Phosphorus limits Eucalyptus grandis seedling growth in an unburnt rain forest soil

Tng, David Y.P., Janos, David P., Jordan, Gregory J., Weber, Ellen, and Bowman, David M.J.S. (2014) Phosphorus limits Eucalyptus grandis seedling growth in an unburnt rain forest soil. Frontiers in Plant Science, 5. 527. pp. 1-11.

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Abstract

Although rain forest is characterized as pyrophobic, pyrophilic giant eucalypts grow as rain forest emergents in both temperate and tropical Australia. In temperate Australia, such eucalypts depend on extensive, infrequent fires to produce conditions suitable for seedling growth. Little is known, however, about constraints on seedlings of tropical giant eucalypts. We tested whether seedlings of Eucalyptus grandis experience edaphic constraints similar to their temperate counterparts. We hypothesized that phosphorous addition would alleviate edaphic constraints. We grew seedlings in a factorial experiment combining fumigation (to simulate nutrient release and soil pasteurization by fire), soil type (E. grandis forest versus rain forest soil) and phosphorus addition as factors. We found that phosphorus was the principal factor limiting E. grandis seedling survival and growth in rain forest soil, and that fumigation enhanced survival of seedlings in both E. grandis forest and rain forest soil. We conclude that similar to edaphic constraints on temperate giant eucalypts, mineral nutrient and biotic attributes of a tropical rain forest soil may hamper E. grandis seedling establishment. In rain forest soil, E. grandis seedlings benefited from conditions akin to a fire-generated ashbed (i.e., an "ashbed effect").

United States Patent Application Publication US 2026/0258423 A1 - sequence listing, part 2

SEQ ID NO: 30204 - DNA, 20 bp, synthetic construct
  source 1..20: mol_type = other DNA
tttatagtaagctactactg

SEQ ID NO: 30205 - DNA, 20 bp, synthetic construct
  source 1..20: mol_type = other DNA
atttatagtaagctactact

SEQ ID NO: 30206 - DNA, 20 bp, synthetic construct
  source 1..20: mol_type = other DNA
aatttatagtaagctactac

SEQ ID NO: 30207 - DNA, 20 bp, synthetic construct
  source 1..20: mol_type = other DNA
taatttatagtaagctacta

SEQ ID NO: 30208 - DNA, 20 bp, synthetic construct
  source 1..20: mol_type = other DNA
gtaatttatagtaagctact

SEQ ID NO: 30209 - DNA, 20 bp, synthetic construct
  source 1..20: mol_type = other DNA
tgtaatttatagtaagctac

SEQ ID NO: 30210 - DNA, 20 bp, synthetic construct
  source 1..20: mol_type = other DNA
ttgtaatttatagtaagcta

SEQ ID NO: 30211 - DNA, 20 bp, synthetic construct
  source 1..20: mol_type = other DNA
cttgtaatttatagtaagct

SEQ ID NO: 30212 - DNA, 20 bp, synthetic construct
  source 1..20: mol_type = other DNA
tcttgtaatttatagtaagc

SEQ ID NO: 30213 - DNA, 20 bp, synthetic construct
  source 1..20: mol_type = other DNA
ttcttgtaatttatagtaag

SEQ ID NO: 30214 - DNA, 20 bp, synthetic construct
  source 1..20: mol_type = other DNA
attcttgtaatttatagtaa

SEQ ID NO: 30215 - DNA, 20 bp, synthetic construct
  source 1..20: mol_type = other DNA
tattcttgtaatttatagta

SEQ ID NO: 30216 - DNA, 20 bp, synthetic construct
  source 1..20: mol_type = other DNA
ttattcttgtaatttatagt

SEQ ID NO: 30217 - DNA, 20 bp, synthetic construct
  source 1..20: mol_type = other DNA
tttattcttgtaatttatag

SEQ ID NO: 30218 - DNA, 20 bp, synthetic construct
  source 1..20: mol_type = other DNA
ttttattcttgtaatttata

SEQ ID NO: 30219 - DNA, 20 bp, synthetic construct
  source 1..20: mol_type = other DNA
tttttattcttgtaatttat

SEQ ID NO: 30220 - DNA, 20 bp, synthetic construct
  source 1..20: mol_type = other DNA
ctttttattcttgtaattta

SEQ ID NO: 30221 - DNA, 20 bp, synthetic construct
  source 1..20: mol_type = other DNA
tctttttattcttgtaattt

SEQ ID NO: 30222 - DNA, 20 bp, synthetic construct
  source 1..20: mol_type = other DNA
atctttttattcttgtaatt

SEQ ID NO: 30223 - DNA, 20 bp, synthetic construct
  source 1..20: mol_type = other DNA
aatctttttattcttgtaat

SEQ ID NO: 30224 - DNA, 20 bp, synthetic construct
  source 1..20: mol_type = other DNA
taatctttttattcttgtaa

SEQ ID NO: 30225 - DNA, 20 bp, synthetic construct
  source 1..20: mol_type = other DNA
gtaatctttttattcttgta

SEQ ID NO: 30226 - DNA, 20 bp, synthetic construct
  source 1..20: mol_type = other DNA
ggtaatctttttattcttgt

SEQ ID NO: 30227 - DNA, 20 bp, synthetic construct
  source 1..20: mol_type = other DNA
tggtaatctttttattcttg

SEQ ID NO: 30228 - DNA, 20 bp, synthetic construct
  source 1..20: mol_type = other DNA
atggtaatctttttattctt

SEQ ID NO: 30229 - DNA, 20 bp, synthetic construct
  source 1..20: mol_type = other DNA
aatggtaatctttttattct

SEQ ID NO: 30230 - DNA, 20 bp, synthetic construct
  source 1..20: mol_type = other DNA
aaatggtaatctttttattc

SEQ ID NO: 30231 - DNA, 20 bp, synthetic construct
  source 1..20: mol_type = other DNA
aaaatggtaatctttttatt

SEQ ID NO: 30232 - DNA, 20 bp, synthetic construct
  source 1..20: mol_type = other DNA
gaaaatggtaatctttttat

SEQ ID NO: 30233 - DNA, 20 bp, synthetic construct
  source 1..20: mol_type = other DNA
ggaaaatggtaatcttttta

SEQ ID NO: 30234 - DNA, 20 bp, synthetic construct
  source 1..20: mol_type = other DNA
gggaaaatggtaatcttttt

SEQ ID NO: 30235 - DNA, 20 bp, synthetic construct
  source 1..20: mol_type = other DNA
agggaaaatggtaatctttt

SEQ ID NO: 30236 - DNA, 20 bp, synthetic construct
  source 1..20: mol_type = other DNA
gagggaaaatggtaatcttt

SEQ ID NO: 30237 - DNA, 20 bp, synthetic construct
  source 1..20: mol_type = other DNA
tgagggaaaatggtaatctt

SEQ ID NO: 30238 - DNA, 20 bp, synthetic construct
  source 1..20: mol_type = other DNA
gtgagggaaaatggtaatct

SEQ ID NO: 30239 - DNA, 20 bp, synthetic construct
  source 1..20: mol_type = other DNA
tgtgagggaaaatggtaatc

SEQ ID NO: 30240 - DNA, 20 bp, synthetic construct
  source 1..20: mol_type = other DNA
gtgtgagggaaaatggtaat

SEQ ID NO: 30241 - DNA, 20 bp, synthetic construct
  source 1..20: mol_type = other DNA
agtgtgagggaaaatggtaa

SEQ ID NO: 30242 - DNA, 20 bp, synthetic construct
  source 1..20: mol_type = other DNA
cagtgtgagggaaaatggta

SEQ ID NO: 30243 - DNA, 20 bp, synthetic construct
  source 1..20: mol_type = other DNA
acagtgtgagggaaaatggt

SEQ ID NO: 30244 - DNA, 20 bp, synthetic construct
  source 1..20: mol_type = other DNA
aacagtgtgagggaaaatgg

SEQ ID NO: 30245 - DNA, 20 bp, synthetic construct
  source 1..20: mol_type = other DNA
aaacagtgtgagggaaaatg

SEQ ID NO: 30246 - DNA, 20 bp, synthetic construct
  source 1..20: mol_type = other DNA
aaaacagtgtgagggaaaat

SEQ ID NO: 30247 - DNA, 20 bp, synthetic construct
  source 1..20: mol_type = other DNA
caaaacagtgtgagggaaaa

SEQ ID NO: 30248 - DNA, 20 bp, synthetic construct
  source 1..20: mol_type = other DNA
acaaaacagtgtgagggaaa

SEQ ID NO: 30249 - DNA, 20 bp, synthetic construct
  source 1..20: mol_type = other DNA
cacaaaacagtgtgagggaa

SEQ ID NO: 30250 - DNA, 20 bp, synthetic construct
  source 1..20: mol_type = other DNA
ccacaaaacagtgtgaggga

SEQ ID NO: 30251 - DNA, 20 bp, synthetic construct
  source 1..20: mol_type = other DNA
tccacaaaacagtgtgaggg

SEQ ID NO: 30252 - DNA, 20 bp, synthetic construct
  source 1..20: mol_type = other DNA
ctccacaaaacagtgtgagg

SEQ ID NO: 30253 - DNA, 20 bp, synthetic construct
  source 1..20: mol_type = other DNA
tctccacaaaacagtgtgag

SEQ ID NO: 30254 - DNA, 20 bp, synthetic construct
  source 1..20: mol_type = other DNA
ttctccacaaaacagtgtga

Item ID: 38045
Item Type: Article (Research - C1)
ISSN: 1664-462X
Keywords: ashbed effect; eucalyptus grandis; fire ecology; giant eucalypts; phosphorus limitation; seedling growth
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Copyright © 2014 Tng, Janos, Jordan, Weber and Bowman. This is an open-access article distributed under the terms of the Creative Commons Attribution License (CC BY). The use, distribution or reproduction in other forums is permitted, provided the original author(s) or licensor are credited and that the original publication in this journal is cited, in accordance with accepted academic practice. No use, distribution or reproduction is permitted which does not comply with these terms.

Funders: Wet Tropics Management Authority (WTMA)
Projects and Grants: WTMA Student Research Grant 871
Date Deposited: 31 Mar 2015 10:37
FoR Codes: 06 BIOLOGICAL SCIENCES > 0607 Plant Biology > 060705 Plant Physiology @ 80%
06 BIOLOGICAL SCIENCES > 0602 Ecology > 060203 Ecological Physiology @ 20%
SEO Codes: 97 EXPANDING KNOWLEDGE > 970106 Expanding Knowledge in the Biological Sciences @ 100%
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